About Me

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Hammersmith, London, United Kingdom
I'm a director of Maidenhead United Football Club. For ten seasons one of my roles at the club was to produce the match programme. The aim of this blog was to write football related articles for publication in the match programme. In particular I like to write about the representation of football in popular culture, specifically music, film/TV and literature. I also write about matches I attend which generally feature Maidenhead United.

Sunday, 16 November 2008

Voodoo Economics

Away from York Road, finance or rather lack of it seems to be the prevailing theme in non league circles this season with a number of our Blue Square South rivals in reportedly serious difficulties. With some clubs in the Blue Square Premier also facing problems it already seems inevitable that relegation issues will yet again not be sorted out on the pitch.As with society as a whole football’s free market model of a super rich class trickling down their wealth to the supporters seems to be conforming to George H. W. Bush’s label of “voodoo economics”. Undoubtedly the next season or two will see a bit of a sorting out as clubs find their financial equilibrium. Will this lead to an era of fiscal sanity? Well I’m not holding my breath but as the amateurs of Fisher showed on Saturday who needs money!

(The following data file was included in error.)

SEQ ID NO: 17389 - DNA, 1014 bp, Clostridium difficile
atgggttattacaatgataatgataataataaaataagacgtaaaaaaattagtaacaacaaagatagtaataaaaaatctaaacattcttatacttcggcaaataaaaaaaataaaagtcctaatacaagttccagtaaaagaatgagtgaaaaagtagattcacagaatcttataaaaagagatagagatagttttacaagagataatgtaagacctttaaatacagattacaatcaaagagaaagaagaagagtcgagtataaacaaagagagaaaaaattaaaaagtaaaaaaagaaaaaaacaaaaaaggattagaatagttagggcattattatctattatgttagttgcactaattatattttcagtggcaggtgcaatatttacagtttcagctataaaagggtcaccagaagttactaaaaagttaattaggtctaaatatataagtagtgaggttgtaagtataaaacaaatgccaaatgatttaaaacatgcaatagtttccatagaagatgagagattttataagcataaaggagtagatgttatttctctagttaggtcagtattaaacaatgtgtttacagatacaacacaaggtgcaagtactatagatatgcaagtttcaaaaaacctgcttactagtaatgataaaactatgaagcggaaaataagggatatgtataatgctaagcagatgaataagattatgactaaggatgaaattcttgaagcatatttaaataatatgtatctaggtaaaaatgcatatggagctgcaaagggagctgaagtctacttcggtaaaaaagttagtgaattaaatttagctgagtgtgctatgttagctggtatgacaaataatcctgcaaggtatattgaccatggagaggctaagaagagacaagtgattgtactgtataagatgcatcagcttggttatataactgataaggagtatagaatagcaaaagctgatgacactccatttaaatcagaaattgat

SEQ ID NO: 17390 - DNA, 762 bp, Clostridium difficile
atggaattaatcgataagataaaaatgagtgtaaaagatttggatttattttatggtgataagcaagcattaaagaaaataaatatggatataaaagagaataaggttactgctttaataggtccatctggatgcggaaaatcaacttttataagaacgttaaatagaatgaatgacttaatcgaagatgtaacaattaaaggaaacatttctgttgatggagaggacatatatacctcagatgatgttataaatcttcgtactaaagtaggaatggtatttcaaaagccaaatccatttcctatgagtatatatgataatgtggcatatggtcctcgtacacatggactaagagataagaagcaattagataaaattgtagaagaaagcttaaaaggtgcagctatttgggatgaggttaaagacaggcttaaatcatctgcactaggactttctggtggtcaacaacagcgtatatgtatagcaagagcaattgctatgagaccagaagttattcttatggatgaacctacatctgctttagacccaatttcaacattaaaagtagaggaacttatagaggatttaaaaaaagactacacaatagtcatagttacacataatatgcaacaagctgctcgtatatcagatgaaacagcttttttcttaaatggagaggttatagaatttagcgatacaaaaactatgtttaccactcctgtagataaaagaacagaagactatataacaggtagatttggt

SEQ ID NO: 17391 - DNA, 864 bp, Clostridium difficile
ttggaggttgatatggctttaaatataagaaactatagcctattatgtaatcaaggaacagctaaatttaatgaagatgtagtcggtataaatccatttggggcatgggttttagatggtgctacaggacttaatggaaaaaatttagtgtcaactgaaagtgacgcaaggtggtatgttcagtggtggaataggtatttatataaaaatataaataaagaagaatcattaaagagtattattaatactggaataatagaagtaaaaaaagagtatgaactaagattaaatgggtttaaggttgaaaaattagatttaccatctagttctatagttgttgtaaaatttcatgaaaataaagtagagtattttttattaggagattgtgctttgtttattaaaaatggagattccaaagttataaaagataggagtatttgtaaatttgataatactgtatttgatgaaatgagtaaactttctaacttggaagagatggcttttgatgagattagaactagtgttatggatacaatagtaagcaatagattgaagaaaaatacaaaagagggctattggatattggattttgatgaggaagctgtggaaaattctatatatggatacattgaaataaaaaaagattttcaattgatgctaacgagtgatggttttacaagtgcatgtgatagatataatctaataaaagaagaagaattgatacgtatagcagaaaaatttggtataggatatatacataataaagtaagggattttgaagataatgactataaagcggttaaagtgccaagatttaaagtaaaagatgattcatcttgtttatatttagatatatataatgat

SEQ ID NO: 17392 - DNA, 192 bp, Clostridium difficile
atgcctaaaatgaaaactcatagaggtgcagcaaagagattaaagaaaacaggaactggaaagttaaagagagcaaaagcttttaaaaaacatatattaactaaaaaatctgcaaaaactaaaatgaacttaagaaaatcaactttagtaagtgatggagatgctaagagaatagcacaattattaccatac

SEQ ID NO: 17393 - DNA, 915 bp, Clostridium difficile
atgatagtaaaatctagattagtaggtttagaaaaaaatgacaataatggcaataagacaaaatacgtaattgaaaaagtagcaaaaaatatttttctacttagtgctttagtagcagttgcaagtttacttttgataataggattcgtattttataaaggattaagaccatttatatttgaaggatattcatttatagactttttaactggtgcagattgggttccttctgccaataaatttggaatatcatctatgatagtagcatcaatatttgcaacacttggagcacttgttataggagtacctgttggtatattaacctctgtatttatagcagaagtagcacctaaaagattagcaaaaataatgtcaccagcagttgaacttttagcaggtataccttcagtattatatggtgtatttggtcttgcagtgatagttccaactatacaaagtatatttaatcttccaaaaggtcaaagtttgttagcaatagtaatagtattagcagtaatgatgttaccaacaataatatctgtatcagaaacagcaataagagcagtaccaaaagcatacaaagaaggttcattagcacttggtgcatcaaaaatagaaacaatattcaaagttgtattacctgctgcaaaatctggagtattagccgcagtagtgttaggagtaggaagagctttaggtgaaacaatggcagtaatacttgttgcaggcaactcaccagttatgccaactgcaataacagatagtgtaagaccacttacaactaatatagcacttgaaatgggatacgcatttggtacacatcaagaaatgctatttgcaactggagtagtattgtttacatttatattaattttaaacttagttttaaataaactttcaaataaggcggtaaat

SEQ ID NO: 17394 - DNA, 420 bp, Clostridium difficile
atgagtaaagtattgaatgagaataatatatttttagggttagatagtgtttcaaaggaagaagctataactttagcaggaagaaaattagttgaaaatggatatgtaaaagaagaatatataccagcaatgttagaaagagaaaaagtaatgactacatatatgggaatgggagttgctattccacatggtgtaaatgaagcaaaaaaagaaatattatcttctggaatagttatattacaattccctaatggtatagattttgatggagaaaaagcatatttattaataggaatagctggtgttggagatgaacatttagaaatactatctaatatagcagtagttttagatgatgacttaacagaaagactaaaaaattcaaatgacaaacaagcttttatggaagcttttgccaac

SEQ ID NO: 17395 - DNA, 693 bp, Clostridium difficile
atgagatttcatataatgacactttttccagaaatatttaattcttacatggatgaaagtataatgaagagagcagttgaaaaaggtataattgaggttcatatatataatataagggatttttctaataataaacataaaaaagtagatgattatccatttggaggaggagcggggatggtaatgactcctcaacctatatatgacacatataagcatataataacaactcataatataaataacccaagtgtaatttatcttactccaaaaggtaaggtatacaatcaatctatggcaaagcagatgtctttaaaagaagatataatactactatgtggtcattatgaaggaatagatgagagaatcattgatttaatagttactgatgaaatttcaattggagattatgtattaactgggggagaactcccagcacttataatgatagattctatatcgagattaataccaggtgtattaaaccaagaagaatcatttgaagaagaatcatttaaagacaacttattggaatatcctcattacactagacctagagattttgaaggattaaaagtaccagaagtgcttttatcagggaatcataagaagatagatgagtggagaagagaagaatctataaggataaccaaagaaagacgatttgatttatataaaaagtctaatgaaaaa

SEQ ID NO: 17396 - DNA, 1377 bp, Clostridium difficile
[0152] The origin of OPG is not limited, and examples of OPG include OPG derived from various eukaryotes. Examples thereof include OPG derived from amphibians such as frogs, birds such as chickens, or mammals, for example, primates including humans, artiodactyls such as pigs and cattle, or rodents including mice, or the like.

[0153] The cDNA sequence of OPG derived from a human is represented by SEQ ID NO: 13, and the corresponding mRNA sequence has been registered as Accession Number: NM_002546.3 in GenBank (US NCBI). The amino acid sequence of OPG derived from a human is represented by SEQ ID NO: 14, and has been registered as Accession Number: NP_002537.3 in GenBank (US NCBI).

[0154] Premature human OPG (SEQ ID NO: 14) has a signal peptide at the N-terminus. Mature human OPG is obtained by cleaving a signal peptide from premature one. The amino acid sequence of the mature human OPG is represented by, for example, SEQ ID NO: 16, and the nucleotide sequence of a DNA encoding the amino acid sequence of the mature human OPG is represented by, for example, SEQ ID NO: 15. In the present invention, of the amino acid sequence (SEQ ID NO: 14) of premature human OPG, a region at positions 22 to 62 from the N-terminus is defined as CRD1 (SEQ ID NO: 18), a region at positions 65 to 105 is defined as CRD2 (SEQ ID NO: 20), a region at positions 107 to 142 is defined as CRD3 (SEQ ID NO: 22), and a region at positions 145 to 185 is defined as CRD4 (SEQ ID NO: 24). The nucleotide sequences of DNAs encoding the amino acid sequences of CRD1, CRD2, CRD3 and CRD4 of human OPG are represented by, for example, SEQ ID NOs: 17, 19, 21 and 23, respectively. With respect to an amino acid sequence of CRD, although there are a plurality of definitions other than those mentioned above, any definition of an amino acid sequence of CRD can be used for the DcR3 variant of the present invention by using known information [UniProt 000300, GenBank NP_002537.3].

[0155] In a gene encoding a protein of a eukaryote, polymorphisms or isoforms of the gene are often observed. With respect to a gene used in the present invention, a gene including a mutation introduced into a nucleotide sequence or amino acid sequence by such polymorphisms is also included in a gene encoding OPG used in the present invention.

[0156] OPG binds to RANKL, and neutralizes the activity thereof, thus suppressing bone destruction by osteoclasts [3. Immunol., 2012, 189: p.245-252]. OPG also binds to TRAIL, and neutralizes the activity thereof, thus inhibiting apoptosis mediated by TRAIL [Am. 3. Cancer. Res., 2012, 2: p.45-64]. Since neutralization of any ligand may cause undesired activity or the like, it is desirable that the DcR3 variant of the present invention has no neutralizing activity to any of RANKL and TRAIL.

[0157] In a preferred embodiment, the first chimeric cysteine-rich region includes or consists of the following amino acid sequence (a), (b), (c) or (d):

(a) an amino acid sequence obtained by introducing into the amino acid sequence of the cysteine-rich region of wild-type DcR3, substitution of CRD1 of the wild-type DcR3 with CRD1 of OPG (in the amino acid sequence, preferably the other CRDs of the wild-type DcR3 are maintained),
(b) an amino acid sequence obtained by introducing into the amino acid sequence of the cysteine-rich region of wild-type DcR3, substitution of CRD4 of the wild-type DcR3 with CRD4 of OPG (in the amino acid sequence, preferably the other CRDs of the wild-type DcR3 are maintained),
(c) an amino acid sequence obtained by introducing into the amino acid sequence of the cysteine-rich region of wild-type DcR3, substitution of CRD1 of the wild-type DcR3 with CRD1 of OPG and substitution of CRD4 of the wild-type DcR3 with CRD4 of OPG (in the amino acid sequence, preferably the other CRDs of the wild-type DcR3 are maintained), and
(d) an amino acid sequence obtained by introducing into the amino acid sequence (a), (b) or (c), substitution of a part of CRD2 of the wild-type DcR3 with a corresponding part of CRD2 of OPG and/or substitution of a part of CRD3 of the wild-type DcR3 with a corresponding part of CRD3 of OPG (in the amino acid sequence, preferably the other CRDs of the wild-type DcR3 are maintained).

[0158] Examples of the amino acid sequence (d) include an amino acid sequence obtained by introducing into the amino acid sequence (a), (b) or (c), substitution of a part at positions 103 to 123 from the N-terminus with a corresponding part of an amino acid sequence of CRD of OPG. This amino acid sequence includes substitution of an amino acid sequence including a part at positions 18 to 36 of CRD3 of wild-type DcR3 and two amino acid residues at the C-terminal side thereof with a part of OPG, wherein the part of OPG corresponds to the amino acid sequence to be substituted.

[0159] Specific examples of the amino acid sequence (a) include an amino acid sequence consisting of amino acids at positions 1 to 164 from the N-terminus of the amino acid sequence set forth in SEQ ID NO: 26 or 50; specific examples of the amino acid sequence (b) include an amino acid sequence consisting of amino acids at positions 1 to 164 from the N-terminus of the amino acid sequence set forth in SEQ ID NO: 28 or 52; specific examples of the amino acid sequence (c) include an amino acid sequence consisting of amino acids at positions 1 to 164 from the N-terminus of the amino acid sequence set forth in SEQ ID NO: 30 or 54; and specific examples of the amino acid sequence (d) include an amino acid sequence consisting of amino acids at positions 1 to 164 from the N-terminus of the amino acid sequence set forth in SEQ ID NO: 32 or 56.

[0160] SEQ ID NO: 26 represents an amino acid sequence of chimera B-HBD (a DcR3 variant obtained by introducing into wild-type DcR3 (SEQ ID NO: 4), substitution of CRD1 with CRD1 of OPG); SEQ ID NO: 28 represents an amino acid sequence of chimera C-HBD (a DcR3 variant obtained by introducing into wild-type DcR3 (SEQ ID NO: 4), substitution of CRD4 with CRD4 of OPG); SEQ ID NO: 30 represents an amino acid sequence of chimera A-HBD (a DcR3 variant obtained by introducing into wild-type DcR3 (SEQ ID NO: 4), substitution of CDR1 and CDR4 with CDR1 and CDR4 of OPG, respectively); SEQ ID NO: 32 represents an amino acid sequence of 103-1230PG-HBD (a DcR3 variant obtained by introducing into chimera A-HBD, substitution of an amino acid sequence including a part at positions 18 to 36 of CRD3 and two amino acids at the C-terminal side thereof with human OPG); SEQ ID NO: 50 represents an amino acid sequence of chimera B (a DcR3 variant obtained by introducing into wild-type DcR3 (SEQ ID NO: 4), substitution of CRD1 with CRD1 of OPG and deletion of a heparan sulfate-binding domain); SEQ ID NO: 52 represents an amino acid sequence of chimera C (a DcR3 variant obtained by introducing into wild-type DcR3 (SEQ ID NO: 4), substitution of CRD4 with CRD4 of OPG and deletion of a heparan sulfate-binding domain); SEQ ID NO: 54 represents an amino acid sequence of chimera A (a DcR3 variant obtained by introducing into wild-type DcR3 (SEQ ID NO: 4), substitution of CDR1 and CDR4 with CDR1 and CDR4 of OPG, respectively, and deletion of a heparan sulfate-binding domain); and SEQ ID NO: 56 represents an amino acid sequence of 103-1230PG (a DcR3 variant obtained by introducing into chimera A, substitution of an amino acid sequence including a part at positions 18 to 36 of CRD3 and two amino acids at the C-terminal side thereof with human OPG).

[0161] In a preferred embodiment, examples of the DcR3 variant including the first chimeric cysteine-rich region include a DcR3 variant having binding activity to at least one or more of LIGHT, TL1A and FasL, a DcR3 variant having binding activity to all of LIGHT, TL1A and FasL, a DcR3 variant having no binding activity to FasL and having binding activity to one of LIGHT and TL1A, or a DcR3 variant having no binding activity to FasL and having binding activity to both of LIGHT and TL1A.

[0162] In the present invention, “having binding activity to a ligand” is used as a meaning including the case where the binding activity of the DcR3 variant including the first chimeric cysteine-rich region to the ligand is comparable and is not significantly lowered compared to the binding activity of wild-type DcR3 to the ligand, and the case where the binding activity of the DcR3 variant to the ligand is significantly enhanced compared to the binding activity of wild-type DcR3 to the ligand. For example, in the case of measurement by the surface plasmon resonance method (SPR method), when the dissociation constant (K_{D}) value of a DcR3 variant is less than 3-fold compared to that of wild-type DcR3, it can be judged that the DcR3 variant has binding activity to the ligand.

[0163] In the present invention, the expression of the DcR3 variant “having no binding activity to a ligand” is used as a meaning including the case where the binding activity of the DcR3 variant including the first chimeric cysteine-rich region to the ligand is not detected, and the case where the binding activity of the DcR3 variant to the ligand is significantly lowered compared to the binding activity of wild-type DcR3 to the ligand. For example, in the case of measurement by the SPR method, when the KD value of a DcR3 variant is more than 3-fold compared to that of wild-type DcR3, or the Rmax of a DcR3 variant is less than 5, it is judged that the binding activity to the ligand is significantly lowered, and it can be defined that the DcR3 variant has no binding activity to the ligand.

Friday, 14 November 2008

Walter Tull

Growing up in England as a football fan in the 70s, one of the most exciting developments of the time was the emergence of black players as a force in the game.
Ironically it was Ron Atkinson who blazed the trail by making Laurie Cunningham, Cyrille Regis, Brendan Batson and Remi Moses an integral part of his attractive West Brom team. Viv Anderson and George Berry became the first black players to represent England and Wales respectively with the likes of Luther Blissett, John Barnes and Mark Chamberlain not far behind. Beyond the top clubs the likes of Cec Podd, Bob Hazell, Tony Sealy and Terry Connor were real stalwarts whilst visitors to York Road will have been entertained by the Cordice brother Godfrey and Alan (still the Magpies' biggest transfer fee received at £5,000 from Norwich City), and of course Ben Laryea.
But do you know who the first black player for Tottenham was? Garth Crooks? Chris Hughton? In fact you have to go back almost 100 years to 1909 when Walter Tull signed for Spurs to become the second black professional footballer to play in the Football League first division following Arthur Wharton of Sheffield United in the 1890s. Incidentally Andrew Watson, an amateur, was the first black international when he played for Scotland in 1881.
Tull was born in Folkestone in 1888, but following the death of his parents he was brought up in an orphanage in Bethnal Green from the age of 10. He served an apprenticeship as a printer but found success playing amateur football for Isthmian League Clapton. Impressing in a team which won the FA Amateur Cup, Tull was signed by Tottenham in 1909. Tull only made seven first team appearances for Spurs and left White Hart Lane in October 1911 when Herbert Chapman signed him for Northampton Town for what was described as a substantial fee.
Tull flourished at the County Ground making 110 appearances for the Cobblers in the Southern League which was the equivalent of League One today. However when he was reportedly on the verge of a transfer to Glasgow Rangers World War One intervened. It is at this point that his story takes on a real Boys Own quality.